Same View, Different days

I’ve been fretting a bit lately about the lack of variety in my blog posts, in particular my recent photographs, due to the fact that Covid restrictions mean my life currently revolves around little more than going to work, shopping for food, and staying at home.

I’m lucky in that my daily 20 minute walk to work takes me across the River Ness via the Greig Street footbridge, and every now and again I’ll be on the bridge and think – Oooh, that might make a good image! – so I take out my phone and click a quick pic.

Looking back through my phone last night I found these four images taken on different days at different times and in different weather over the last few weeks, but showing pretty much the same view left to right of Bank Street, Inverness Castle and Ness Bridge.

So I thought – That’s maybe something new to do photographically, deliberately take the same photograph of something or somewhere multiple times but seeing how different time, light, weather, angle and/ or any other variable creates a very different feel and end result to each image?

Hmmm… I might just try experimenting with that over the next few weeks, and see what turns up! 🙂

Inverness in Watercolour

While the artistic muse is still with me, today I decided to try to paint something a bit more complicated than a single thistle or a couple of plums, like a landscape, so chose to go with a favourite view of Inverness looking along the river.

Again I used a photograph as inspiration, although to say I may have simplified the scene slightly is an understatement! And again, I started out with a minimal outline in pencil, filled in the base colours with an overall wash, then once that had dried sufficiently I added more depth and definition bit by bit, then in the final layer I tweaked it with a few more detailed strokes here and there.

It’s not finished exactly, but I think I’ve taken it as far as the fun will let me for today so will leave it at that. Overall I’m happy enough with it as a learning experience, and for me the most important thing is that I actually had a go – after all it’s not the winning but the taking part that counts! 🙂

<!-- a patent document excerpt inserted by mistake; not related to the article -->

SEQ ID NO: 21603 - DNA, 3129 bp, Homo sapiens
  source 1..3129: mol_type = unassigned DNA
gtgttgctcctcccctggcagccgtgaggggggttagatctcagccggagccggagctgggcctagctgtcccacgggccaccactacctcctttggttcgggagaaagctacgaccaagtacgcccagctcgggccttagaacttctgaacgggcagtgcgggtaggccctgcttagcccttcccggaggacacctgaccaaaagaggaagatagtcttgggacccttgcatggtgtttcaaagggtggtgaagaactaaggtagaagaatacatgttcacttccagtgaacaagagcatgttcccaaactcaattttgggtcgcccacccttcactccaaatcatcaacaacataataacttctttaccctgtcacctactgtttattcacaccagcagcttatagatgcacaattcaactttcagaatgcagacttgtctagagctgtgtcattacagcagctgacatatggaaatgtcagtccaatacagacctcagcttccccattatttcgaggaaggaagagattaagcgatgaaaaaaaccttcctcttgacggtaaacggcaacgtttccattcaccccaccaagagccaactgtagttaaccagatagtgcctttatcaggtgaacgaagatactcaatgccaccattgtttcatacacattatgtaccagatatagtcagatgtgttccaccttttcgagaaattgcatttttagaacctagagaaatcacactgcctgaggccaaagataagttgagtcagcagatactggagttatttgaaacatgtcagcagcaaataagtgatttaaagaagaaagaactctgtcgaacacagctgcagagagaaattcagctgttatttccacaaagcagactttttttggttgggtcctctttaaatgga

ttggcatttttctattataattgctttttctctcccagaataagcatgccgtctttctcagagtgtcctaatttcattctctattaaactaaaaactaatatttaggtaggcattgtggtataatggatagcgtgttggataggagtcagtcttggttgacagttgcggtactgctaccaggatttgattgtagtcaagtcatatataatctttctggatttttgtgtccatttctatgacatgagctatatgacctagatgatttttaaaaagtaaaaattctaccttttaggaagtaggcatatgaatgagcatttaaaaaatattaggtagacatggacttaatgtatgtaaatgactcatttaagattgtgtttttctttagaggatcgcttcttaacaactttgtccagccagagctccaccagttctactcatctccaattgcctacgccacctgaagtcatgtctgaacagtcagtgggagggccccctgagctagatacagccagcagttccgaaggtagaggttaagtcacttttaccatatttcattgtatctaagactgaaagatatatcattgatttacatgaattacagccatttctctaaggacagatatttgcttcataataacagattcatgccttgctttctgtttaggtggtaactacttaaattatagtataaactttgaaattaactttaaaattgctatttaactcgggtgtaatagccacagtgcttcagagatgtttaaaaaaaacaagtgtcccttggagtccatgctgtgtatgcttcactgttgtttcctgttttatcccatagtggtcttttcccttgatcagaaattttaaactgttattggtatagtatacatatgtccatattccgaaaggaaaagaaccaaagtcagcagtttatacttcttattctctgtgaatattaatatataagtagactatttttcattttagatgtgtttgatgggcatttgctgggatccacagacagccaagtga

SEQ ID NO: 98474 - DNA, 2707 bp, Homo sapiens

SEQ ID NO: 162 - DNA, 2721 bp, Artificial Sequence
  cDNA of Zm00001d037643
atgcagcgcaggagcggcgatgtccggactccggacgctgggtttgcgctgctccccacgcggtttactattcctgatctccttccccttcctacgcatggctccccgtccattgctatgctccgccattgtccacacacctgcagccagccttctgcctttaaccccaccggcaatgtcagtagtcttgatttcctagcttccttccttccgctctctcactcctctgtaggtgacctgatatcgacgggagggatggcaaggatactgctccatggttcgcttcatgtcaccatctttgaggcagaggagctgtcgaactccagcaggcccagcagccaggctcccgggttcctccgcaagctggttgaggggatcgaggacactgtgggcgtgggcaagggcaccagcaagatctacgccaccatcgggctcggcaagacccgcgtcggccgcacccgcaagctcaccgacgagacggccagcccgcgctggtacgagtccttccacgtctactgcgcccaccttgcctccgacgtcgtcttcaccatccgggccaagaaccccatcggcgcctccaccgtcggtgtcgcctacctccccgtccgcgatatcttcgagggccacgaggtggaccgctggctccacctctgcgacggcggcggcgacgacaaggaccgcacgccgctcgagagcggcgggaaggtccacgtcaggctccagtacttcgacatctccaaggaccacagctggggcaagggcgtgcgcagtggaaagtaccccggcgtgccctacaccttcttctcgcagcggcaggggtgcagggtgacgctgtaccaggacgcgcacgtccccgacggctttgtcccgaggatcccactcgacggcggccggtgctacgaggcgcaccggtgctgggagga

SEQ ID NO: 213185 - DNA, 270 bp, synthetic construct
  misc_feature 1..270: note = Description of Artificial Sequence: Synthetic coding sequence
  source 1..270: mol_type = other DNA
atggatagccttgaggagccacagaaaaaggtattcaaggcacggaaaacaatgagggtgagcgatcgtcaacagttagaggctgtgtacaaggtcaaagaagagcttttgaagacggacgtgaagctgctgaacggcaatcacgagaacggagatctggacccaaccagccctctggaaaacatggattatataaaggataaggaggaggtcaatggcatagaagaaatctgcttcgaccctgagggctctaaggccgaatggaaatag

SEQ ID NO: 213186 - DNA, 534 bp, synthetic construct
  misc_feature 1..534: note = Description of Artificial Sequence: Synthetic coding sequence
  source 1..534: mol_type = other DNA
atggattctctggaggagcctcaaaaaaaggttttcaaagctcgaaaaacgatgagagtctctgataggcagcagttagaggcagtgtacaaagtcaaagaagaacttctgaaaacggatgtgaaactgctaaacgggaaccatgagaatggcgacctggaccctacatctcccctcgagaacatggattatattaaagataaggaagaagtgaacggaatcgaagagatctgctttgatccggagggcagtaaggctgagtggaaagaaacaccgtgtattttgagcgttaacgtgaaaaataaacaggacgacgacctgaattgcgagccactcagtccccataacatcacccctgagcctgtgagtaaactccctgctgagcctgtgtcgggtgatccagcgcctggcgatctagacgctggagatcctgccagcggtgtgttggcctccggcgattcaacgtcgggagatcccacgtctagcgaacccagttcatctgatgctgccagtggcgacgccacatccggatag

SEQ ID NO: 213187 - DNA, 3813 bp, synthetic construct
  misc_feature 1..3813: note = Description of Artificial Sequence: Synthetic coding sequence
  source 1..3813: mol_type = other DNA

Ness Island Walk

This afternoon my husband and I went for a walk along the Ness Islands – little low islands of trees and winding paths sitting slap bang in the middle of the River Ness, linked together by a series of small ironwork footbridges stretching across from bank to bank. Another dull grey day weather-wise, but we had a lovely enjoyable walk anyway 🙂

Along the River Ness

Todays’ outdoor exercise took me along the river for a change, instead of along the canal, so I thought I’d share some images with you on this lovely Sunday afternoon 🙂

River Ness, Inverness, Scotland

April A-Z: R is for River

The River Ness runs right through the City of Inverness, the name itself coming from the Scottish Gaelic Inbhir Nis, basically meaning ‘Mouth of the River Ness’. The river flows about 10km (6 miles) from Dochgarroch Weir at the northern end of Loch Ness down to the Beauly Firth, so it’s a relatively short distance but nevertheless carries quite a lot of water out to sea.

And now I have to write a whole post about the river, I find I have absolutely no idea what else to say about it! Still, I’ve managed to find some images I haven’t posted before, so all is not lost… 🙂

For this year’s A-Z I’m going to take you on a photographic tour of My Inverness, Past and Present. I grew up in the local area, I went to school here and brought up my three children here, but I moved away to London for 18 years before returning home for good at the end of last summer.

P.S. My initial plan for my A-Z posts has necessarily been curtailed somewhat due to the current coronavirus pandemic, but we’ll get through the alphabet one way or another, however creative my use of subjects may have to be – so thank you for visiting Inverness with me, and I hope you enjoy our trip!

April A-Z: N is for Ness Islands

The Ness Islands are a group of little islands in the middle of the River Ness within the city of Inverness itself. They are connected via Victorian footbridges spanning either side of the river bank and then from island to island, and are laid out with easily accessible and well-kept pathways for enjoying a leisurely stroll, or having a seat on a wooden bench, or in better times (and better weather) maybe stopping off for a picnic along the way. As well as for visiting tourists, the islands are a popular destination for local families, dog-walkers, joggers, and cyclists.

In the winter as the water level rises there are less islands and more river to view, but in the summer with the river level lower, the islands are more usually seen at their best. For now though, you’ll have to just take my word for it! These images were all taken last month before the stay at home thing kicked in, so although I really enjoyed my walk it was a rather grey, dull day – but in spite of the weather the old tree-trunk Nessie still had a smile on her face 🙂

For this year’s A-Z I’m going to take you on a photographic tour of My Inverness, Past and Present. I grew up in the local area, I went to school here and brought up my three children here, but I moved away to London for 18 years before returning home for good at the end of last summer.

P.S. My initial plan for my A-Z posts has necessarily been curtailed somewhat due to the current coronavirus pandemic, but we’ll get through the alphabet one way or another, however creative my use of subjects may have to be – so thank you for visiting Inverness with me, and I hope you enjoy our trip!